Advertisers File Class Action Complaint against Facebook
Some advertisers have moved to press a class action complaint accusing Facebook of lying to them by inflating the possible reach of their ads.
‘Advertisers come to the platform for its ‘unprecedented potential reach’’ says the owner of Therapy Thread, Danielle Singer. ‘This is a foundational false representation,’ she adds.
Singer, together with the others want the court judge, James Donato to reject the company’s request to dismiss the lawsuit.
The dispute started in August, last year when Singer allegedly accused Facebook of inducing them to buy ads at high rates by inflating the potential reach. Singer says that she spent $14 000 on Facebook ads between 2013 October and 2018 April. The other advertisers joined the suit after she filed it.
The complaint quotes reports by third parties including Video Advertising Bureau which reported Facebook estimates for 2017 to include numbers higher than the populations of some states they claimed to serve.
Facebook asked the judge to dismiss the complaint by their estimates being for campaigns, and not guarantees so that they do not affect billing.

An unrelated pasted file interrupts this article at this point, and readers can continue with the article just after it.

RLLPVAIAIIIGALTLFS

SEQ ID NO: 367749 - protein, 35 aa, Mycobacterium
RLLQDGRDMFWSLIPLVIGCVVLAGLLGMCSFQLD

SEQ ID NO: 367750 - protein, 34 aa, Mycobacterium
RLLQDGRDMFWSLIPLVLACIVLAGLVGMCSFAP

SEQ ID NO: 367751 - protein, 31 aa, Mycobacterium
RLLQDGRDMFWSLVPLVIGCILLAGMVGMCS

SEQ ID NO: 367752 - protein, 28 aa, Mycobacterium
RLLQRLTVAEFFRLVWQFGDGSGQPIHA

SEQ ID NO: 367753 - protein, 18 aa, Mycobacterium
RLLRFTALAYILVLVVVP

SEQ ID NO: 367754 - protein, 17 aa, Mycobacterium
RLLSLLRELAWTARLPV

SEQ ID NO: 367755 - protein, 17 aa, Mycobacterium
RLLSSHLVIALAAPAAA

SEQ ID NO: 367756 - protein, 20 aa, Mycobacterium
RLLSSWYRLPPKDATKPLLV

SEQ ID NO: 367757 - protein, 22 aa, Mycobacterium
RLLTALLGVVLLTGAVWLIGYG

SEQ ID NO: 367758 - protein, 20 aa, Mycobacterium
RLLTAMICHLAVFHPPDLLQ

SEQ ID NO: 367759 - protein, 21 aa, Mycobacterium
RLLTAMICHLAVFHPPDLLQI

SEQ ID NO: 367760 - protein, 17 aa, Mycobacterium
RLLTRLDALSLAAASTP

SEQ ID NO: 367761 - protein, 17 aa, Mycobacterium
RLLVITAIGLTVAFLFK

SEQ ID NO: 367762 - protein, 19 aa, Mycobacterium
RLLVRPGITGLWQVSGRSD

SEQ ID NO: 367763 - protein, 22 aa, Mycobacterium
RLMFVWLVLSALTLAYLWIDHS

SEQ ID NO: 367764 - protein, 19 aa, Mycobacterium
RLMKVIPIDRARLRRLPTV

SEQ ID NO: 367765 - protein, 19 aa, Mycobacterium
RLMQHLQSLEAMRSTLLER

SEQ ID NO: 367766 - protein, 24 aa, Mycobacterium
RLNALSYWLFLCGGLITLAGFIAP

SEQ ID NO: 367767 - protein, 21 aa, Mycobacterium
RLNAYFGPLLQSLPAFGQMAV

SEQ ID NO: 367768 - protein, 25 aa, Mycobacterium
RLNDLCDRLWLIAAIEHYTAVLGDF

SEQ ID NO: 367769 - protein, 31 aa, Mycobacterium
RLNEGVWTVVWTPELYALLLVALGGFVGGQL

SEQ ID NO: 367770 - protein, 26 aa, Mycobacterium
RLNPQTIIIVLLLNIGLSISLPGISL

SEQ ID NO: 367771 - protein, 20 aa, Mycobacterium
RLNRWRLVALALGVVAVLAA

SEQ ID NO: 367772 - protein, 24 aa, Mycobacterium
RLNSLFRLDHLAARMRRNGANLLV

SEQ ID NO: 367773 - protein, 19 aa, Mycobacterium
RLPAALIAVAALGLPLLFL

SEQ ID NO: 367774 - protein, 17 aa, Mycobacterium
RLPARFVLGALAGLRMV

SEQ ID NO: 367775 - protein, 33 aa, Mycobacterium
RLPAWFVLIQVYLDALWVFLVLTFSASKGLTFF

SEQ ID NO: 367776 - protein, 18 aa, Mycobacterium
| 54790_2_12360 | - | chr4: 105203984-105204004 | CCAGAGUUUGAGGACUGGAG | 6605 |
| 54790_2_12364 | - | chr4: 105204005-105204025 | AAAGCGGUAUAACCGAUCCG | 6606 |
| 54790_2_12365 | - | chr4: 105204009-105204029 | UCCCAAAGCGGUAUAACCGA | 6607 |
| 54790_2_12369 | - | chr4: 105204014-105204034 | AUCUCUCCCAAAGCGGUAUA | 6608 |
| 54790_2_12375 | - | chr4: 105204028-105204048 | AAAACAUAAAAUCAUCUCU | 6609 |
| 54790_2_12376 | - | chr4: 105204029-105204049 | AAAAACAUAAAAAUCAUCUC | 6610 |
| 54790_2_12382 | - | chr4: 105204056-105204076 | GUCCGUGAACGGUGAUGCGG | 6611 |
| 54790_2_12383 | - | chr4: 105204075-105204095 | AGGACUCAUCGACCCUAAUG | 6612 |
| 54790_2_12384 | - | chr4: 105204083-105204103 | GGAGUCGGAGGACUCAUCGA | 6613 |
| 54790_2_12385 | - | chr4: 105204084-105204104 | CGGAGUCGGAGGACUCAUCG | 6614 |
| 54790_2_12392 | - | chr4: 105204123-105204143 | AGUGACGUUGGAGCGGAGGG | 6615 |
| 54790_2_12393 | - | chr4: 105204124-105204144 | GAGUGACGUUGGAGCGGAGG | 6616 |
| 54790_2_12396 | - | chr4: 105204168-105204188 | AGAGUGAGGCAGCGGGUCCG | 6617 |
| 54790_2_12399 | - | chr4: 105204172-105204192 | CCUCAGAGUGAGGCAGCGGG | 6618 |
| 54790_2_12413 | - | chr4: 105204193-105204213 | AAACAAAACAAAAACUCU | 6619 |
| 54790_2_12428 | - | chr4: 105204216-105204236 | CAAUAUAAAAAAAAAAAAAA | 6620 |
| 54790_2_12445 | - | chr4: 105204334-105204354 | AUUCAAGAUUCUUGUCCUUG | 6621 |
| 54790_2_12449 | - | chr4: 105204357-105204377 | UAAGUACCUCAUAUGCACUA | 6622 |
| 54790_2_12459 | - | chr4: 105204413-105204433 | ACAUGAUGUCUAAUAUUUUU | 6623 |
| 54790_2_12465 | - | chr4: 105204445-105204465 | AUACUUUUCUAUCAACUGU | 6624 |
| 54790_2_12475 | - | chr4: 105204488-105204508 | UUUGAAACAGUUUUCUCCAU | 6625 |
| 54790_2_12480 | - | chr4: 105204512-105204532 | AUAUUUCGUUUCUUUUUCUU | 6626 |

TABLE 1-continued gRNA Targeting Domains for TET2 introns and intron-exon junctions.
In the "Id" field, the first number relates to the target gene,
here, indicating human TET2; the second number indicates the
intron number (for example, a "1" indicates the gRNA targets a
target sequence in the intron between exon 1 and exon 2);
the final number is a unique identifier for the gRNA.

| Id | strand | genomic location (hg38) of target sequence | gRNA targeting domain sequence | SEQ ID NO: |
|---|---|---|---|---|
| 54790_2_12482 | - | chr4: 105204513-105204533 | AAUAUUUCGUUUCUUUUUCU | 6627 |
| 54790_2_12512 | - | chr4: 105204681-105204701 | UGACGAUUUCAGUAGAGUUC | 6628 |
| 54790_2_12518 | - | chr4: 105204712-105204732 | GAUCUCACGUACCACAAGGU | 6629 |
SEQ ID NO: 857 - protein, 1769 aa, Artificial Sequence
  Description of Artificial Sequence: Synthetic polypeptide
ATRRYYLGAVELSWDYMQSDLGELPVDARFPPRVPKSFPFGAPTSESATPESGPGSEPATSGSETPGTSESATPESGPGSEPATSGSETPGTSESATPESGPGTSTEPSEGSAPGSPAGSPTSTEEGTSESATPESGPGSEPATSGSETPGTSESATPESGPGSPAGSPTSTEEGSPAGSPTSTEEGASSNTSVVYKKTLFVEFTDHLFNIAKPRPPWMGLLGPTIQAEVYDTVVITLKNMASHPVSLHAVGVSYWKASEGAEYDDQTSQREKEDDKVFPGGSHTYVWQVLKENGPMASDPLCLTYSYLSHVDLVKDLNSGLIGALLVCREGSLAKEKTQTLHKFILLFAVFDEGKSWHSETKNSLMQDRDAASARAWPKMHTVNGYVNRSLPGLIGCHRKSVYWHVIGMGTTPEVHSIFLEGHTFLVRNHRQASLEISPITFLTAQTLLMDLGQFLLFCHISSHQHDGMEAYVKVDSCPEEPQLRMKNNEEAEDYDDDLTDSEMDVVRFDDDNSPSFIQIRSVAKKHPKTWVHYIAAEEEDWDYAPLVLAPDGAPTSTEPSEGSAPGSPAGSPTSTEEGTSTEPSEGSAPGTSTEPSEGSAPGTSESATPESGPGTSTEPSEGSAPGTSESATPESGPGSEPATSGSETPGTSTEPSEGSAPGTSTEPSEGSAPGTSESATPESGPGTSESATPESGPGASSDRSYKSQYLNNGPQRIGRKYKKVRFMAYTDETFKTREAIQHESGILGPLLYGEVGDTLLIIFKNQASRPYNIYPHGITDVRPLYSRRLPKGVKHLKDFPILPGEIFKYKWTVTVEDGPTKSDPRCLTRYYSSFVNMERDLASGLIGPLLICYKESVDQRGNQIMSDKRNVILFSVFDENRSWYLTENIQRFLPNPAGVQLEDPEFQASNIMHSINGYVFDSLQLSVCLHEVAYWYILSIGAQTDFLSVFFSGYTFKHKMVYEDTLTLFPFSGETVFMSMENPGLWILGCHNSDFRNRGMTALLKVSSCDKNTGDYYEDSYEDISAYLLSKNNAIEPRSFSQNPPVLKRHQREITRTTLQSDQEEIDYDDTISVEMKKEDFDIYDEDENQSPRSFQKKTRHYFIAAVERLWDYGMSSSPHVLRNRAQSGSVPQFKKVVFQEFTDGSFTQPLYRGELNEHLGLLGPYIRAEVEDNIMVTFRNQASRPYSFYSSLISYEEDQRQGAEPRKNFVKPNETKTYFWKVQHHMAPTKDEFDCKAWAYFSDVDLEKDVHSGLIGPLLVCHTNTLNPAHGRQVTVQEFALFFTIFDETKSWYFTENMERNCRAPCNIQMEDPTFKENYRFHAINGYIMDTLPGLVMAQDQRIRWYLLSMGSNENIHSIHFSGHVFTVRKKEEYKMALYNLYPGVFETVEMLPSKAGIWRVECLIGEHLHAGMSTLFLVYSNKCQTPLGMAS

‘We charge advertisers based on outcomes like website conversions, impressions or clicks on an ad,’ wrote the company in their submissions to Donato. The company further states that they base their pricing on an auction system.
The company also claims that it discloses the estimates to the advertiser without basing their numbers on census data or information from third parties. ‘It is not believable that plaintiffs placed ads with our platform while knowing that our estimates do not marry with census and survey data,’ argues the company.
Singer and the others say that they need to proceed with their claims.
‘Facebook says that it should have the freedom to inflate its core metrics. The court needs to reject this kind of reasoning,’ they say.
Donato is to hold the hearing on May 16.
At the same time, Facebook is facing another lawsuit over allegations for inflating video metrics. The matter is pending before Judge Jeffery White of a District Court in California.